The best way to achieve transparency
Now that the World Cup has kicked off in Brazil, football is in the air all over the world, and with it, our minds are distracted from the hum-drum routine of ordinary life into the never-failing topic of corruption.
Once again there is investigation into corruption and even money laundering in football in various parts of the world. Today someone commented that football is the fifth largest channel of illegal money in the world. I do not know how they know that or where that ranking is made or how it was made, but it certainly seems to underline the conception that sport is not always healthy, also underlined this week by comedy icon Rik Mayall collapsing and dying of a heart attack after a run. I thought people ran to avoid heart attacks, not bring them on? And here he is, only six years my senior and, unlike me, in perfectly reasonable shape. I think I shall stick to walking.
Yesterday Polish media announced an investigation into the finances of former President Kwasniewski – apparently he also seems to be “considerably richer than yow” as either Shakespeare or Harry Enfield put it, I can’t remember which – they would like to know whence the abundance that hath become his portion is come.
This made me think that there should be an investigation made not only at the close of a person who holds public office but also at the beginning – an audit of their personal wealth and that of their families. Doing one at the beginning tells people to mind their Ps and Qs while serving the people on public money. This also avoids the chance that they can say that they had these investments all along.
There should be a standard work programme approved by the public affairs committee and the national chamber of auditors, or chambers where as in the UK there is more than one. The statement of personal wealth should be drawn up and signed off by the auditor stating what kinds of investigations they made in order to produce this statement and if anything in the list of procedures was not possible to do then their report should state so and give the reasons. The work would be carried out by people who have audit licences who have been screened for political neutrality, and the choice of Firm should be agreed by the public affairs committee.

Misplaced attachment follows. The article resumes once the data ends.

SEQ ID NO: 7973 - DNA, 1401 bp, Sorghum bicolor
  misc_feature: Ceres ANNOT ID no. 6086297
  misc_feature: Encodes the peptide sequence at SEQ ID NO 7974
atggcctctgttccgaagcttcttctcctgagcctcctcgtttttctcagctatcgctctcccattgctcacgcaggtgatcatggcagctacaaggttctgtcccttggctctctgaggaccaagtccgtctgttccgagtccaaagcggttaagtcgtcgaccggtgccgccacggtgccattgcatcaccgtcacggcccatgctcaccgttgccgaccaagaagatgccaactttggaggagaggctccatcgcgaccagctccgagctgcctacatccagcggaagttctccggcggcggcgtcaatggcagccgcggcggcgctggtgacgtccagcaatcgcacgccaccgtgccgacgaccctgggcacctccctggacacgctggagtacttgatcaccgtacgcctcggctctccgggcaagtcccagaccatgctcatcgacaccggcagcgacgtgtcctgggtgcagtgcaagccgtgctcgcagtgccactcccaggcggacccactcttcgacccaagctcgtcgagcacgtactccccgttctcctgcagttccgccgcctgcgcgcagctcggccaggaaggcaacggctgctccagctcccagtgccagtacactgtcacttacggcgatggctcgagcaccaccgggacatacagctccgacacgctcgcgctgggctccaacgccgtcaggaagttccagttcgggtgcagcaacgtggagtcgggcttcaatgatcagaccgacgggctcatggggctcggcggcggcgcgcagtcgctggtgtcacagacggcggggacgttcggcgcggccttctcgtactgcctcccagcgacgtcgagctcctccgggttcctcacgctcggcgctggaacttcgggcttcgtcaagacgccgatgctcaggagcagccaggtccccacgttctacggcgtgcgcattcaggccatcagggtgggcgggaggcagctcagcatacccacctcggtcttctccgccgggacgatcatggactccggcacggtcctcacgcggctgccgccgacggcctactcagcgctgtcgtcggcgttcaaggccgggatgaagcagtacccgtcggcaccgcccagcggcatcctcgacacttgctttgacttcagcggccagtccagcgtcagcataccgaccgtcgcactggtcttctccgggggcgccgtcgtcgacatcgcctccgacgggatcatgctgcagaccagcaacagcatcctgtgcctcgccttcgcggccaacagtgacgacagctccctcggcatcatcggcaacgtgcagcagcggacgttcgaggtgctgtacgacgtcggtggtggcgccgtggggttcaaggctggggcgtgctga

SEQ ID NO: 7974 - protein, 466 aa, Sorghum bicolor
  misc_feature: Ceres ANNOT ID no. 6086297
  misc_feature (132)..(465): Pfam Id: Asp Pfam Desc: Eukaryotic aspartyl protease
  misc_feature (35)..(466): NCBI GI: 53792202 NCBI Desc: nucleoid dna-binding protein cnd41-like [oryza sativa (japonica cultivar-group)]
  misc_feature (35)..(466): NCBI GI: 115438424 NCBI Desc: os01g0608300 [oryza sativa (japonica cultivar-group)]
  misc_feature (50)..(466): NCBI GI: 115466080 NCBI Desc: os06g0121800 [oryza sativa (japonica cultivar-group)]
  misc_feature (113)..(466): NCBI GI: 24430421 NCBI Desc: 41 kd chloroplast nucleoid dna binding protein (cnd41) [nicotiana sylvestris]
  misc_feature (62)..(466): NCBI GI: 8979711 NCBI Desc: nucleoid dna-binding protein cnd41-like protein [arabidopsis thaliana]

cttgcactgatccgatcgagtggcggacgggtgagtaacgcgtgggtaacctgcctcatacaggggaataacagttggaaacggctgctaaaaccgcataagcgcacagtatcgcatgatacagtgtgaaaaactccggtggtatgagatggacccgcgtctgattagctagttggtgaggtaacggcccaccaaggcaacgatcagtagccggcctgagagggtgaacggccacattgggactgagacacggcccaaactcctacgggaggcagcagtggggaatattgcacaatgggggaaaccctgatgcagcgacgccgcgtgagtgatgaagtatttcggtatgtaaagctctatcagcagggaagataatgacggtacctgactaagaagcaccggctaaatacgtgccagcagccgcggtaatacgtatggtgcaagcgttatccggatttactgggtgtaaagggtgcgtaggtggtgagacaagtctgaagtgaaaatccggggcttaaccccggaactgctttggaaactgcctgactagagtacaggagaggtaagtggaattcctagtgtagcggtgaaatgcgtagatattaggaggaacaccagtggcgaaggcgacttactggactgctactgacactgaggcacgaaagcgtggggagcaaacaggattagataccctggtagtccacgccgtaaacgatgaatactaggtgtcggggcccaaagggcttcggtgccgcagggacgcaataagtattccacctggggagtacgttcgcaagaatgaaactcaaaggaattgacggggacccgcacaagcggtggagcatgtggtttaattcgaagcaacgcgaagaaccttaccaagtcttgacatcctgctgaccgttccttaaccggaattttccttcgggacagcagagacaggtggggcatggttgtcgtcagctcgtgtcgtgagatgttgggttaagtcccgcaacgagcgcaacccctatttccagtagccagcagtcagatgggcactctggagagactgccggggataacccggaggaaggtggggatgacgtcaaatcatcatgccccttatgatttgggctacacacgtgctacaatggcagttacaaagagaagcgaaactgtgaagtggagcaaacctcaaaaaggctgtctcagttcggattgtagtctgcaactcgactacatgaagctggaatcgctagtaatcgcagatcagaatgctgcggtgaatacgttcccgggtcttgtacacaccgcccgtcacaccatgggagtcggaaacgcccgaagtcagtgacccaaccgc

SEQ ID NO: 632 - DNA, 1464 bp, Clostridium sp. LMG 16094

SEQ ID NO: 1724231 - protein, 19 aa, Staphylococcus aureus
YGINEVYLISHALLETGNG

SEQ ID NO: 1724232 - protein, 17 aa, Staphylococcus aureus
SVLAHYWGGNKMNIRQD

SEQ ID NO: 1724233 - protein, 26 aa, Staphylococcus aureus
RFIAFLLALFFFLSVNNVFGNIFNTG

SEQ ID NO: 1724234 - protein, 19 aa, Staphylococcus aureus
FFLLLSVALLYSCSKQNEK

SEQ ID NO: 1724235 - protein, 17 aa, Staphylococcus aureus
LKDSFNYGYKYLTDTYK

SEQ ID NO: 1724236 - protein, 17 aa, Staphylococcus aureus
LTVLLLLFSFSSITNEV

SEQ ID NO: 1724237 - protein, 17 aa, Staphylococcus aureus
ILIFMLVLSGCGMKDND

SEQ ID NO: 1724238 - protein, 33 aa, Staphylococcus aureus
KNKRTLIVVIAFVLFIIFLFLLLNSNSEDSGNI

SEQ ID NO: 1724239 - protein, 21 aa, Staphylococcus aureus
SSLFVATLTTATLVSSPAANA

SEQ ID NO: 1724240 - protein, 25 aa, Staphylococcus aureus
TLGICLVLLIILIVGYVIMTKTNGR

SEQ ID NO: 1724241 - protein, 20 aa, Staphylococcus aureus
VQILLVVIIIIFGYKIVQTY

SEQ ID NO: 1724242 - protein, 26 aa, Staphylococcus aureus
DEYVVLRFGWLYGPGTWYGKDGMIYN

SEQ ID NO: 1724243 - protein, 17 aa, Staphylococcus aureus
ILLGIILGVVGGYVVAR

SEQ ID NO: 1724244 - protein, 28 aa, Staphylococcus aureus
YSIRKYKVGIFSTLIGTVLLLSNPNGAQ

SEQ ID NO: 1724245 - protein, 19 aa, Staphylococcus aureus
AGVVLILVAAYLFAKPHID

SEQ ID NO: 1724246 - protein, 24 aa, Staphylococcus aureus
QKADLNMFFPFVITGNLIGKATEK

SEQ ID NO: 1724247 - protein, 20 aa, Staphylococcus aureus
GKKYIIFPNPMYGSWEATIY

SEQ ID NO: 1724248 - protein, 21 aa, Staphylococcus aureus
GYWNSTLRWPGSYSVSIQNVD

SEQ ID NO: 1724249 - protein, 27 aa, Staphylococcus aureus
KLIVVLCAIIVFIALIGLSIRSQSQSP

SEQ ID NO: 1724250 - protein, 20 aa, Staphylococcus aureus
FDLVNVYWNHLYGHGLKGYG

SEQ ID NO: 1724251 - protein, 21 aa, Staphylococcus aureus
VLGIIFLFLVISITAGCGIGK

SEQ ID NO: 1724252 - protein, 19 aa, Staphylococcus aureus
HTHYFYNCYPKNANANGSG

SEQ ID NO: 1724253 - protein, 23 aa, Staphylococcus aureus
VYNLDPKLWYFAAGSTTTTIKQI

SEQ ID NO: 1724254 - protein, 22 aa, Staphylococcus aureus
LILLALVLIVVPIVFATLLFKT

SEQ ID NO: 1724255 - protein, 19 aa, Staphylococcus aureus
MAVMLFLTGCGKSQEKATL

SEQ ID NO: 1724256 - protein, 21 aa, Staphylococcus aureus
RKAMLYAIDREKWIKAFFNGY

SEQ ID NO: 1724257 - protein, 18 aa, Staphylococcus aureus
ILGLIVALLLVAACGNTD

The report should be held by a politically independent committee and compared to the one made after the person comes to the end of his or her office and then again 5 years later. Accumulations of wealth should be reconciled to declared sources.
All bank accounts of these public figures should be declared and unusually large expenditures or outgoing gifts should also be investigated as well as the ‘as at’ financial position. It should be an offence for a person who falls under the law to own a bank account anywhere in the world which is not declared to the auditor.
This should apply first to the heads of state. Royalty who did not choose to have their role and simply are born into it should be exempt, although they might opt in voluntarily in some countries. After the heads of state then through the cabinet, all MPs, all senior civil servants, judges, and members of committees and panels whose work determines the expenditure of public monies. Including the panels of bit sporting events who determine who is going to host football or other sporting tournaments and how the money that pours into them is going to be spent.
If this became law around the world in all the different jurisdictions that there are, we might finally get to a situation where decisions are in the hands of people who are basically honest or at least have no motivation to give vent to their dishonest tendencies.
Enjoy the games.